The Great Blondin.
Can you imagine a tightrope stretched over a quarter of a mile and spanning the breadth of Niagara Falls? The thundering sound of the pounding water drowning out all other sounds as you watch a man step onto the rope and walk across!
This stunning feat made Charles Blondin famous in the summer of 1859. He walked 160 feet above the falls several times back and forth between Canada and the United States as huge crowds on both sides looked on with shock and awe. Once he crossed in a sack, once on stilts, another time on a bicycle, and once he even carried a stove and cooked an omelet!
On July 15, Blondin walked backward across the tightrope to Canada and returned pushing a wheelbarrow.
The Blondin story is told that it was after pushing a wheelbarrow across while blindfolded that Blondin asked for some audience participation. The crowds had watched and “Ooooohed” and “Aaaaahed!” He had proven that he could do it; of that, there was no doubt. But now he was asking for a volunteer to get into the wheelbarrow and take a ride across the Falls with him!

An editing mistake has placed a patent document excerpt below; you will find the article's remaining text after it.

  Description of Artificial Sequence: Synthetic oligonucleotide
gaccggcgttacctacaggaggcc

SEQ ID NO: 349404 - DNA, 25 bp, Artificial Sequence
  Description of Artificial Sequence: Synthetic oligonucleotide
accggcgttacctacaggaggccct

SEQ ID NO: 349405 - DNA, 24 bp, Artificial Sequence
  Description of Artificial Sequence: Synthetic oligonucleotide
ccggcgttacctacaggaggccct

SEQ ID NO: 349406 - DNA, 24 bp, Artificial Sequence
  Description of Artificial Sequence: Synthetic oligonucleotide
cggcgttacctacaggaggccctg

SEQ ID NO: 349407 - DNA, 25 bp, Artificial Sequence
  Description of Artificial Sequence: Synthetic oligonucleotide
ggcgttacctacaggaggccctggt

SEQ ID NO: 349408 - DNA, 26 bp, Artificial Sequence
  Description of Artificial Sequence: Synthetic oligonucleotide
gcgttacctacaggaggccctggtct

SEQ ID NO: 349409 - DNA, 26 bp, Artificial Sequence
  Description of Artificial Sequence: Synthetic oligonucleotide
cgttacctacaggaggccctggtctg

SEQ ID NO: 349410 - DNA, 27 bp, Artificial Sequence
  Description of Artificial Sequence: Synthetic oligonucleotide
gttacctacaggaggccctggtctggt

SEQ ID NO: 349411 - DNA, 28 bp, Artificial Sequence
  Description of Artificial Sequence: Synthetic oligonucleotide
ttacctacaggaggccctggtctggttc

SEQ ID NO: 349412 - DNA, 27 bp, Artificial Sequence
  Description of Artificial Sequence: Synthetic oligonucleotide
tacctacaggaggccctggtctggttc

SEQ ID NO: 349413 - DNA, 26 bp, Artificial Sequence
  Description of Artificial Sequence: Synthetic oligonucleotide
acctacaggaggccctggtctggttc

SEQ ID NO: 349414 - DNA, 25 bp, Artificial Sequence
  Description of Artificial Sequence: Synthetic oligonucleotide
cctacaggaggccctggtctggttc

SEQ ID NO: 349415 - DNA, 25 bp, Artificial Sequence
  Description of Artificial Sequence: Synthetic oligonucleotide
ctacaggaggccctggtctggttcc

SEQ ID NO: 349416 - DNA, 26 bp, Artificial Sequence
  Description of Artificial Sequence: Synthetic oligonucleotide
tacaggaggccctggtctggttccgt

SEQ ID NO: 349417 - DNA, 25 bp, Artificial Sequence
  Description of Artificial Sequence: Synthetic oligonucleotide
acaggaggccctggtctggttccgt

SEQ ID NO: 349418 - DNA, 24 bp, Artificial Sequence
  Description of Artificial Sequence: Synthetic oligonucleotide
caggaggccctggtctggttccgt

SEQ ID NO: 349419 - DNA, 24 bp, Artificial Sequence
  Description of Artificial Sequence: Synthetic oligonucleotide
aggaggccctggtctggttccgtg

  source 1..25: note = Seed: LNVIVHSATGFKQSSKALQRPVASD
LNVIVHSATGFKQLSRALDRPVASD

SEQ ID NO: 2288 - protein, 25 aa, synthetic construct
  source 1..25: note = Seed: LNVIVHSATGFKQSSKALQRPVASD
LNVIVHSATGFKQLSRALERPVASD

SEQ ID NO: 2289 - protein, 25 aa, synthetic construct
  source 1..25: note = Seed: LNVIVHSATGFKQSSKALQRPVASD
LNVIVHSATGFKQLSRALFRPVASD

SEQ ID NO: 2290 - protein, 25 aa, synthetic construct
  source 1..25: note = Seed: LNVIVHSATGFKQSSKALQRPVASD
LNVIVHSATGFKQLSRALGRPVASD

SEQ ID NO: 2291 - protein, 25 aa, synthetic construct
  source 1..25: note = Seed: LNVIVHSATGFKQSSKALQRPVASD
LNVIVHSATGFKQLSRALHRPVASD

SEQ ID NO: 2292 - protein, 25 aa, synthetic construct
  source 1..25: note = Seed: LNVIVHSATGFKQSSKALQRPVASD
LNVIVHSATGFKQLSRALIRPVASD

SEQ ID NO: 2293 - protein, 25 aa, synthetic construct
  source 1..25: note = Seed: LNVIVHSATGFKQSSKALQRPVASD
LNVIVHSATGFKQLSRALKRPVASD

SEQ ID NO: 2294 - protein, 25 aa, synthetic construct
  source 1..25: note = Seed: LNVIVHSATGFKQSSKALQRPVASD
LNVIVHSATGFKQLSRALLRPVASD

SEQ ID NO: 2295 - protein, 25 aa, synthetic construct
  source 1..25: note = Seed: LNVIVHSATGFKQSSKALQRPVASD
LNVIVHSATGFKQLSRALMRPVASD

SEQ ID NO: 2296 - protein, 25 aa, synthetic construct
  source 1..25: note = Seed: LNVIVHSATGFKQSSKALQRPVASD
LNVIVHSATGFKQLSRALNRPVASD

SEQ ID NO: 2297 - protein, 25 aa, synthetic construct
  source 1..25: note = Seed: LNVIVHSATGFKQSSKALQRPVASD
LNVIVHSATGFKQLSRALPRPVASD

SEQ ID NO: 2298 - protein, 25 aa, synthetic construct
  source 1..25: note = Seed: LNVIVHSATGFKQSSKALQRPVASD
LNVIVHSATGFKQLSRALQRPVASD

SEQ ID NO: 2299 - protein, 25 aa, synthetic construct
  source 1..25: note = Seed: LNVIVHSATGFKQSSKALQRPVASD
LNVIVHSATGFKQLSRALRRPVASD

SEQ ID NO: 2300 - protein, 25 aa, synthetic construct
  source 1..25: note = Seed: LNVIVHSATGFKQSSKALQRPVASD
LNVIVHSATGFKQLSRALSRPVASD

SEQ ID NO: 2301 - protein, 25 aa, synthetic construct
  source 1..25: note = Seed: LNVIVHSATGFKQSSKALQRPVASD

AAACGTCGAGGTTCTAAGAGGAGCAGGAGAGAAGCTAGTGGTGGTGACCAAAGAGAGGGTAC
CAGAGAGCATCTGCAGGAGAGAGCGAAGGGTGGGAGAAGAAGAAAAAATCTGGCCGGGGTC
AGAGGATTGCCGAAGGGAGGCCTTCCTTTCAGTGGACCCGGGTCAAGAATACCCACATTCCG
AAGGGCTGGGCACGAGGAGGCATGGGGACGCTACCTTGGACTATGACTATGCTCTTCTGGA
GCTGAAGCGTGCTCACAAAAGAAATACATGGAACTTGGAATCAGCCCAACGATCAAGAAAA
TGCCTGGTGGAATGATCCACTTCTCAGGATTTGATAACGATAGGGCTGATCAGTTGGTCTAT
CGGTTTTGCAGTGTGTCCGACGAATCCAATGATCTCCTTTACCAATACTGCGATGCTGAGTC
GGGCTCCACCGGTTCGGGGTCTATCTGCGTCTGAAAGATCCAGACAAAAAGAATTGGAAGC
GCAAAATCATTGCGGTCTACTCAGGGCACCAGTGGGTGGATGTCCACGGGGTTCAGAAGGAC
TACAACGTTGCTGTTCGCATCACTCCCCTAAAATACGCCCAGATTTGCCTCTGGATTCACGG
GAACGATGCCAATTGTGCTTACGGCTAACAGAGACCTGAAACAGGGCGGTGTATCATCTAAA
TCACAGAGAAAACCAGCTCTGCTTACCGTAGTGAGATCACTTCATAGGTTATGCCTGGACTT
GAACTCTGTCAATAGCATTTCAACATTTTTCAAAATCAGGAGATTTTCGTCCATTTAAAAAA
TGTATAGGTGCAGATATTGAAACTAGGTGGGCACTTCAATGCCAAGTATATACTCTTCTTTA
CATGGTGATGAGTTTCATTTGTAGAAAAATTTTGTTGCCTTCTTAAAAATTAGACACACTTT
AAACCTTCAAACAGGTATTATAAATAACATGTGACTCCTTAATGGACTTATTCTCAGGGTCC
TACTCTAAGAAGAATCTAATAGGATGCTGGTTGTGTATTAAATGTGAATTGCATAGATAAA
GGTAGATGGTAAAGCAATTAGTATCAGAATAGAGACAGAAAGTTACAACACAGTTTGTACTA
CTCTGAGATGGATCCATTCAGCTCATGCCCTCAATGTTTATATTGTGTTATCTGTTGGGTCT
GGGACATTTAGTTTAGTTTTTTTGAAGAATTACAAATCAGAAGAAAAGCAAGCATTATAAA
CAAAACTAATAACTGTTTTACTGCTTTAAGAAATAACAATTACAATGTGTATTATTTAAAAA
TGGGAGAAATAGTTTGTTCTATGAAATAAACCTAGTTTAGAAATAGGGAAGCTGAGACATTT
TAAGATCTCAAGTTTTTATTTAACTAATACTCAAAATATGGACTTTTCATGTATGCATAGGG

It is said that he asked his audience, “Do you believe I can carry a person across in this wheelbarrow?” Of course the crowd shouted that yes, they believed!
It was then that Blondin posed the question – “Who will get in the wheelbarrow?’
Of course…none did.
Get in the wheelbarrow Bill!
God, I believe that you are inviting me and all people to trust in your incredible force of love, not just for a heaven after we die, but for this life now. Change me, O God, into one who is not afraid to get into the wheelbarrow. Who is not afraid to let go, surrender to, and trust in something greater than my small self. Letting go, not to a God who is intending me harm, but to a love that is desiring my greatest good and inviting me to the exhilarating adventure of radical trust and outrageous openness.
The rest of the story:
Later in August of 1859, his friend and manager, Harry Colcord, did ride on Blondin’s back across the Falls. On August 17th, Colcord was strapped to Blondin’s back, and the pair set off across the tightrope. As they reached the halfway point – the most dangerous section of the rope – Blondin said to his friend, “Harry, you are no longer Colcord; you are Blondin. Until I clear this place be a part of me – mind, body, and soul. If I sway, sway with me. Do not attempt to do any balancing yourself. If you do we shall both go down to our death.” Harry trusted his wiser, more experienced friend, and carefully the Great Blondin continued along until at long last the pair reached the other side, safe and sound.
And even in that phrase I hear such a beautiful invitation of God saying to me, “You are mine. I am yours. We are one. And all shall be well as you learn to sway with me and not do all the balancing yourself.”